Can You Vacuum Seal Already Frozen Vegetables?

If you love vegetables and enjoy adding them to all of your meals, you probably hate having to throw out any of your fresh veggies because they have gone bad before you could enjoy them.

Many people are aware that they can vacuum seal fresh veggies and then freeze them to keep them in great condition for months at a time. But what about the vegetables that you are already frozen that are stored in your freezer?

If you have frozen vegetables that you want to get out of their packaging from the store and into a vacuum sealed bag, you can absolutely use your vacuum sealer for this task.

There is nothing stopping you from vacuum sealing your frozen vegetables and putting them back into storage.

You will find that this is a much better way to prevent food waste than you probably realized since food can be damaged in the freezer when it is not stored correctly.

If you are ready to learn some more about if you can vacuum seal already frozen vegetables, you need to keep reading!

Frozen vegetables in plastic bags in freezer close-up

Why Does Vacuum Sealing Already Frozen Veggies Help?

While it might seem like food that is already frozen is safe from being spoiled while it is in storage, this is not actually the case. Food that has been put in the freezer in the bags that it came home in from the store is always at risk for freezer burn.

The storage process that you follow to use vacuum sealing bags will prevent loss of taste and texture, and the dreaded specter of freezer burn will be banished as well.

Your frozen veggies can keep for years in vacuum sealed bags, so you should always plan to bring home frozen veggies and remove them from the bag that you bought them in to store them in a vacuum sealed bag.

This is the best way to make sure that your frozen veggies stay good for years, and it will also usually help save space in your freezer as well.

Tips for Vacuum Sealing Already Frozen Vegetables

As always, you should be sure that you do not handle your already frozen vegetables with dirty hands. You can seal bacteria into your vacuum sealing bags if you do not take the time to wash your hands before starting the sealing process.

This is a good rule of thumb for any vacuum sealing project that you undertake. Having clean hands is key.

Make sure as well, that you have a nice, flat surface to seal your bags on. Things like frozen peas and corn can tend to want to clump together, even when frozen.

You will need the flat surface to help get your frozen veggies to lay relatively flat in the vacuum sealed bag. Feel free to break up any chunks of veggies that have stuck together so that the vacuum sealing bag will be able to get a good seal.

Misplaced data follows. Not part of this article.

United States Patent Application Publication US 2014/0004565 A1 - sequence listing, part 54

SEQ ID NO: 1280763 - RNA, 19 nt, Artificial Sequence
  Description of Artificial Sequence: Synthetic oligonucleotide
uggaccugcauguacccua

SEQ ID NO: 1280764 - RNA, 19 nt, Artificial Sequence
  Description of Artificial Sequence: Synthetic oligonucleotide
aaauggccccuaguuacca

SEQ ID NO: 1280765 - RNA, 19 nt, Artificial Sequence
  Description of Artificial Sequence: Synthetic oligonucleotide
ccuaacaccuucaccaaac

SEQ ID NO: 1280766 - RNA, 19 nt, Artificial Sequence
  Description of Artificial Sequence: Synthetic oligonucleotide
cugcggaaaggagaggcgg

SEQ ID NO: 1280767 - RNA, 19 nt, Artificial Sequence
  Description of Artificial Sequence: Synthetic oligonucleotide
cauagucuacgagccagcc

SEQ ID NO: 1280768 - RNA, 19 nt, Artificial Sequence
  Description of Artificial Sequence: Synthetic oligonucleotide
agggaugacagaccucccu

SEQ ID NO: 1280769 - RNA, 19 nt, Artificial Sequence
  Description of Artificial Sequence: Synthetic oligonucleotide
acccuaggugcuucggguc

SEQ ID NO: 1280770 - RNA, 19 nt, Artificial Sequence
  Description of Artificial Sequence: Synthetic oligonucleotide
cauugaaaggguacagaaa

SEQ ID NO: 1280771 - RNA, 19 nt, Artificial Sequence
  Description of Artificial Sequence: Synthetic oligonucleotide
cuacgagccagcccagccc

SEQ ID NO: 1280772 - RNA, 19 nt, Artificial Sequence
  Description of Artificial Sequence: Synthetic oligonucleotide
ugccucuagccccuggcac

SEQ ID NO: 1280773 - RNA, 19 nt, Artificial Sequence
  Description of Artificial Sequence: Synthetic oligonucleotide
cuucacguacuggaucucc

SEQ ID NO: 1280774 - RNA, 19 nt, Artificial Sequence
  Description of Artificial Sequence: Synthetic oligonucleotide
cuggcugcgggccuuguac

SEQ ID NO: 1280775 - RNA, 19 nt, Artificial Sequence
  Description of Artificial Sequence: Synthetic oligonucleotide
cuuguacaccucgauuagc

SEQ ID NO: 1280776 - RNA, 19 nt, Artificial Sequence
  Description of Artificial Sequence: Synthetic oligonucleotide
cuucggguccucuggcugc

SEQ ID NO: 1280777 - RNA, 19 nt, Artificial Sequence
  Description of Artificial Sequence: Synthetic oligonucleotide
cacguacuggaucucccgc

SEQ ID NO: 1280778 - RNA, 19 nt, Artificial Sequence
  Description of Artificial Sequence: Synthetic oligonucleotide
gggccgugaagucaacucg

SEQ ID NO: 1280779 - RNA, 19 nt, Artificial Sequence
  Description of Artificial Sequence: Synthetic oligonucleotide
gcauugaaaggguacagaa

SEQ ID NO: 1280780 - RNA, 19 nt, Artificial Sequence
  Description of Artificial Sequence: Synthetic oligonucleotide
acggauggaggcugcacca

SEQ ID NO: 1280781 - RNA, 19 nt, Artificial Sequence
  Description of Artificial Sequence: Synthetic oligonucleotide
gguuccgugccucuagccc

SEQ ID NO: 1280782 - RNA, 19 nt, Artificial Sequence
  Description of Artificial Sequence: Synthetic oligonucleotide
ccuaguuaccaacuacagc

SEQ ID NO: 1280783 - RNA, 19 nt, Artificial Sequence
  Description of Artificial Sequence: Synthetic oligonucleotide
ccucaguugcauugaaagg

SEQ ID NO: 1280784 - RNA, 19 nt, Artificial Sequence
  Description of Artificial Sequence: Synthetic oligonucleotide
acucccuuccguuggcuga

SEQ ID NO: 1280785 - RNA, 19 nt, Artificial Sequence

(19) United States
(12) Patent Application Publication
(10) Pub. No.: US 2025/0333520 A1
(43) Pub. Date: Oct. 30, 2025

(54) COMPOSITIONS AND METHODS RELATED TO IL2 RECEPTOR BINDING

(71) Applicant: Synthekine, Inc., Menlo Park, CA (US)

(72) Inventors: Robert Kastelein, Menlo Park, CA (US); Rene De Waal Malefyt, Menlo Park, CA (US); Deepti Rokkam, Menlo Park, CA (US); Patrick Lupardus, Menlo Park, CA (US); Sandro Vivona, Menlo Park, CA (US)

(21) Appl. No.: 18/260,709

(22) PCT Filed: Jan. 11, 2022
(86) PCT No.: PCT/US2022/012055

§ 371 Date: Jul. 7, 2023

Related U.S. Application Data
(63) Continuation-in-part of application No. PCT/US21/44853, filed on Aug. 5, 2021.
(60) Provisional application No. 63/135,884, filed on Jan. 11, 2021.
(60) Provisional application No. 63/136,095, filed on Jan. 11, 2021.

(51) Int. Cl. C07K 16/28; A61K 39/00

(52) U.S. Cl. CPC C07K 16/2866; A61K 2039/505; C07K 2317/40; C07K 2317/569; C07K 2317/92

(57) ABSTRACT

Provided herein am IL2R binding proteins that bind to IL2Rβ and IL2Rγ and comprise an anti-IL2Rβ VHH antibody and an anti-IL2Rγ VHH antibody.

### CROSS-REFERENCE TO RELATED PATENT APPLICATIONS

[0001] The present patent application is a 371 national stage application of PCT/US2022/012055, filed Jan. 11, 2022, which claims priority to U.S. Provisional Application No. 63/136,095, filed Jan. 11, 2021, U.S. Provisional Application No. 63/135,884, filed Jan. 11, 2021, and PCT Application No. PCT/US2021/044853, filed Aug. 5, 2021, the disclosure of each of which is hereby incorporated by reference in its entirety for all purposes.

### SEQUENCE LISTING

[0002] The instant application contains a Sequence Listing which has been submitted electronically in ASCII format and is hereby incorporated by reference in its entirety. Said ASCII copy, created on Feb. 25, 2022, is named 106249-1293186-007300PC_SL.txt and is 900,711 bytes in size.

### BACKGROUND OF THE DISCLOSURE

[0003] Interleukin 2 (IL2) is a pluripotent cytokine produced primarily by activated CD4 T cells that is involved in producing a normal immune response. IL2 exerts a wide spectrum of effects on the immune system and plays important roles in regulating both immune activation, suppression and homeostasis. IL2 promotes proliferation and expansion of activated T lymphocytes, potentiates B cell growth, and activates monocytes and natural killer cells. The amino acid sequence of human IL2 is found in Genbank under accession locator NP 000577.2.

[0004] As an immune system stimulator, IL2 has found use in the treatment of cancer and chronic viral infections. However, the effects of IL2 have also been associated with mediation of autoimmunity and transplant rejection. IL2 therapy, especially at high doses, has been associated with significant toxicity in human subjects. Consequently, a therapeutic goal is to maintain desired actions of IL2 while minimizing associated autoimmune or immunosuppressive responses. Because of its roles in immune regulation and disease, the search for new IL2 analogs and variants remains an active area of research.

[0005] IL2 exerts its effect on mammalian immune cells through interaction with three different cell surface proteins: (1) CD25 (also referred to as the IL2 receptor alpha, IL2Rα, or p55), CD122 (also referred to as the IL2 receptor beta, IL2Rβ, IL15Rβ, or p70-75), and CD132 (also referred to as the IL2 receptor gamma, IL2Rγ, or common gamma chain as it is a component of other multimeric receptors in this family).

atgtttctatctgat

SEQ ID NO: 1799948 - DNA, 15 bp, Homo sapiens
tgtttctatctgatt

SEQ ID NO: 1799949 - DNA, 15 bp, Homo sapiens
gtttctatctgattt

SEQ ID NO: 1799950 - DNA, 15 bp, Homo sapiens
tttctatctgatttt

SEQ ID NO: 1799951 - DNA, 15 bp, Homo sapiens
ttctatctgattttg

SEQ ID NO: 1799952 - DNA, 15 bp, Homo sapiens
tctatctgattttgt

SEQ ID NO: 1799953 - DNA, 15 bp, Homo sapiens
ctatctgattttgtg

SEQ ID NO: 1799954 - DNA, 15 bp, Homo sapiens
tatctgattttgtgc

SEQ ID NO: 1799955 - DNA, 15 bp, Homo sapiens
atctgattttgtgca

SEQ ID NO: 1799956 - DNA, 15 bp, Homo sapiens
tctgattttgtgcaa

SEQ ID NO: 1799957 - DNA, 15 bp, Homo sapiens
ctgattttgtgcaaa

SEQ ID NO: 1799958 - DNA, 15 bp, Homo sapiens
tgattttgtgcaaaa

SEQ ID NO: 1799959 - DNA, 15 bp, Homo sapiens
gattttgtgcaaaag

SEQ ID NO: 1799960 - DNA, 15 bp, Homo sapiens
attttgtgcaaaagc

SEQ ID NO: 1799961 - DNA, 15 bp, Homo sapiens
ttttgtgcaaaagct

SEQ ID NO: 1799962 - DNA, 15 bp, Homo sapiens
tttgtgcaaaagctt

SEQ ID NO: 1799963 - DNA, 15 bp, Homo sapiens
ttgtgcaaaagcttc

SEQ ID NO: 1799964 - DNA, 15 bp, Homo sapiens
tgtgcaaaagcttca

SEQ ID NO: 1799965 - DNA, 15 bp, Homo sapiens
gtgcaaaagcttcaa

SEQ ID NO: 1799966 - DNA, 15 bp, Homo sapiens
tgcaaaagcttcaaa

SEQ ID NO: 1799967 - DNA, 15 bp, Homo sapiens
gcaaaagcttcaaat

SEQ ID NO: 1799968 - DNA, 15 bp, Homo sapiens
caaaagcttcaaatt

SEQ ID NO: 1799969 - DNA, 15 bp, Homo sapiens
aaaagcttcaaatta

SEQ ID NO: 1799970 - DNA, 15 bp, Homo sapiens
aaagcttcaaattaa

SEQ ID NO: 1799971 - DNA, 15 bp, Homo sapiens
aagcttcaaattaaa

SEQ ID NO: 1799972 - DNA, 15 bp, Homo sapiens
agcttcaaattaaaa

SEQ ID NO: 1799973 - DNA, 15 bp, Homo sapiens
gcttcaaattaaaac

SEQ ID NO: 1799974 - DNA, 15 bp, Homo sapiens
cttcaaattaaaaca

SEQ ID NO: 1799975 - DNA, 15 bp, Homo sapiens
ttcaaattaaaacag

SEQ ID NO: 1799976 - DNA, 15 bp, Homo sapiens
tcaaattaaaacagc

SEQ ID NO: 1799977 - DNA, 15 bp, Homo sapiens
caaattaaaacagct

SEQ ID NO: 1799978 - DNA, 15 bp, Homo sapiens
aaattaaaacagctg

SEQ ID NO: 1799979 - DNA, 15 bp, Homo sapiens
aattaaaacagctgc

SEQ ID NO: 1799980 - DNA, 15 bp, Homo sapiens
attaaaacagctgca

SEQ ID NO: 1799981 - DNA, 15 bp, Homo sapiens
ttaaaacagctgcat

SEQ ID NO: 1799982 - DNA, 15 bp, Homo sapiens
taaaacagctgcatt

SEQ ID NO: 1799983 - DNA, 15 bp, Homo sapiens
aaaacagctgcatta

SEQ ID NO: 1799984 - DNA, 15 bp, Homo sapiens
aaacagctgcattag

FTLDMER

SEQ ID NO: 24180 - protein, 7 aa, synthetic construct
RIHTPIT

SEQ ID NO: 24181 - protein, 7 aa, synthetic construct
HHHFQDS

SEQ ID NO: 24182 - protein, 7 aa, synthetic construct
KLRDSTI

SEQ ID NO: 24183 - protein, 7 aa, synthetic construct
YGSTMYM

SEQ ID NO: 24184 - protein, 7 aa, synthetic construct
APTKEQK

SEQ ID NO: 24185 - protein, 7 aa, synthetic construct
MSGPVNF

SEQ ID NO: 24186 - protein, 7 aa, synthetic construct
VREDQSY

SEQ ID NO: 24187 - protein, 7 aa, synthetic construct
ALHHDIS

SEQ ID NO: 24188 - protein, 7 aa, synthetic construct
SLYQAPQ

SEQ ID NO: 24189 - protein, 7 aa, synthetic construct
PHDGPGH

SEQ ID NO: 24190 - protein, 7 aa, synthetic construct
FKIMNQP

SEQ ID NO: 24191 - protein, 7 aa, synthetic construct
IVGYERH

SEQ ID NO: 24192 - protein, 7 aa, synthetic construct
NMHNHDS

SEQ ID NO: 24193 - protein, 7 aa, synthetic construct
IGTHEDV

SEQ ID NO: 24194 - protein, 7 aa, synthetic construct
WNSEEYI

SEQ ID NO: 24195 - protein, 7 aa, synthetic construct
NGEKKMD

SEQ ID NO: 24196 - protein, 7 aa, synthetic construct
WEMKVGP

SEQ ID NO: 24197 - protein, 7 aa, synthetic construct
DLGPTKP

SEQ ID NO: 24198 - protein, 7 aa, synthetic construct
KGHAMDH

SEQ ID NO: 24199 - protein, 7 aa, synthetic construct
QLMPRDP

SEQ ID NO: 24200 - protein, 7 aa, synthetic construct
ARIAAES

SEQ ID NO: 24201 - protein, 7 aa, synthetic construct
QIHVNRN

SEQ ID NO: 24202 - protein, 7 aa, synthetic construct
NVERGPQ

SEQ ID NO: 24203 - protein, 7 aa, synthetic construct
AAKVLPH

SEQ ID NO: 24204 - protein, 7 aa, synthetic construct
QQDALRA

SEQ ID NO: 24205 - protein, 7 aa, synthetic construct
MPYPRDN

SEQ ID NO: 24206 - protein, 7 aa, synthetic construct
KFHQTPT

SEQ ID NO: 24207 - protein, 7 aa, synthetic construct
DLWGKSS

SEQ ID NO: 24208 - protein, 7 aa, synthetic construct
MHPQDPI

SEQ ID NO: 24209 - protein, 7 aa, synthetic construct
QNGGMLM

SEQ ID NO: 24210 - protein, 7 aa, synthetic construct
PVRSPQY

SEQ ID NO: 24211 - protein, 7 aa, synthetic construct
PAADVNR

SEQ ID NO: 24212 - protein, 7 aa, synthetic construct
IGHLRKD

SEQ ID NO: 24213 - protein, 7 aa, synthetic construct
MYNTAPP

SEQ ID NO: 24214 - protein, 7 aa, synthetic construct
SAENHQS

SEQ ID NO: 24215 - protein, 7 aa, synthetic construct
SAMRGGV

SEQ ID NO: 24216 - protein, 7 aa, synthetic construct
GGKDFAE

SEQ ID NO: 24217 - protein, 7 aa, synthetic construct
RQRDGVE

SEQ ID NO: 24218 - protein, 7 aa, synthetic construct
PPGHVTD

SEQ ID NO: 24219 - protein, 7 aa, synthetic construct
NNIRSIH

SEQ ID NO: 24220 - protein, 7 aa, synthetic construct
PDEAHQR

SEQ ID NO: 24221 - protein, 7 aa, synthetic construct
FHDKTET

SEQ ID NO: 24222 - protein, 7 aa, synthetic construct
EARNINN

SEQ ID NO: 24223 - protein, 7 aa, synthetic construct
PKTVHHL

You will also be much less likely to have to deal with freezer burn if you make sure that any chunks of the frozen product are broken up before you seal the bag.

Be sure to write the date that you sealed the bags on each one. This will help you make sure that you are consuming the oldest bags first.

It will also help you to remember to check the seals on the bags that you stored some time ago. While the failure of the seal on your vacuum sealing bags is not common, it can happen.

It’s smart to check on the seal of your bags from time to time just to make sure that you go ahead and use bags of veggies that are starting to lose their seal.

How Long Will Already Frozen Vegetables Stay Fresh When Vacuum Sealed?

Already frozen vegetables that you have transferred into vacuum sealed bags will stay fresh for years. This is one of the key benefits of moving your already frozen food products to a vacuum sealed storage bag.

You will not have to worry about freezer burn, and your vegetables will not take on the flavors of the other items that are stored next to them.

No more vegetables that taste like the freezer when you store them using this method. It is also nice to be able to save space because your frozen vegetables in vacuum sealed bags will be much easier to find room for than when they are in the bulky packages that come from the store.

If you are going to be camping, you can also toss your frozen vegetables into your cooler and then use them when you are out enjoying nature.

It can be hard to get through a whole bag of vegetables from the freezer on a camping trip, so smaller portions can help prevent food waste and make camping packing much easier overall.

This is true at home as well, and you will avoid the process of cooking too many veggies and then just having to throw them out since the bag has been cut open already.

Frozen Vegetables Can Easily be Stored Using Your Vacuum Sealer

While it can be easy to assume that your already-frozen vegetables are safe and secure in the freezer, this is not actually the case. Most veggies that are bought at the store already frozen are not sold in quality bags, and they are at risk for freezer burn.

Transferring your already frozen vegetables into vacuum sealed bags will help you to prevent loss of flavor and texture and the dreaded freezer burn. Your veggies will also store much more readily when sealed into vacuum sealing bags.

Being sure that you are not wasting food is easy when you keep your frozen foods safe by vacuum sealing them. There is no better way to store your fresh foods or your frozen foods.

Being able to split up frozen vegetables into smaller portions is really convenient as well, and you will love the time-saving aspect of this storage method when it comes to frozen vegetables.

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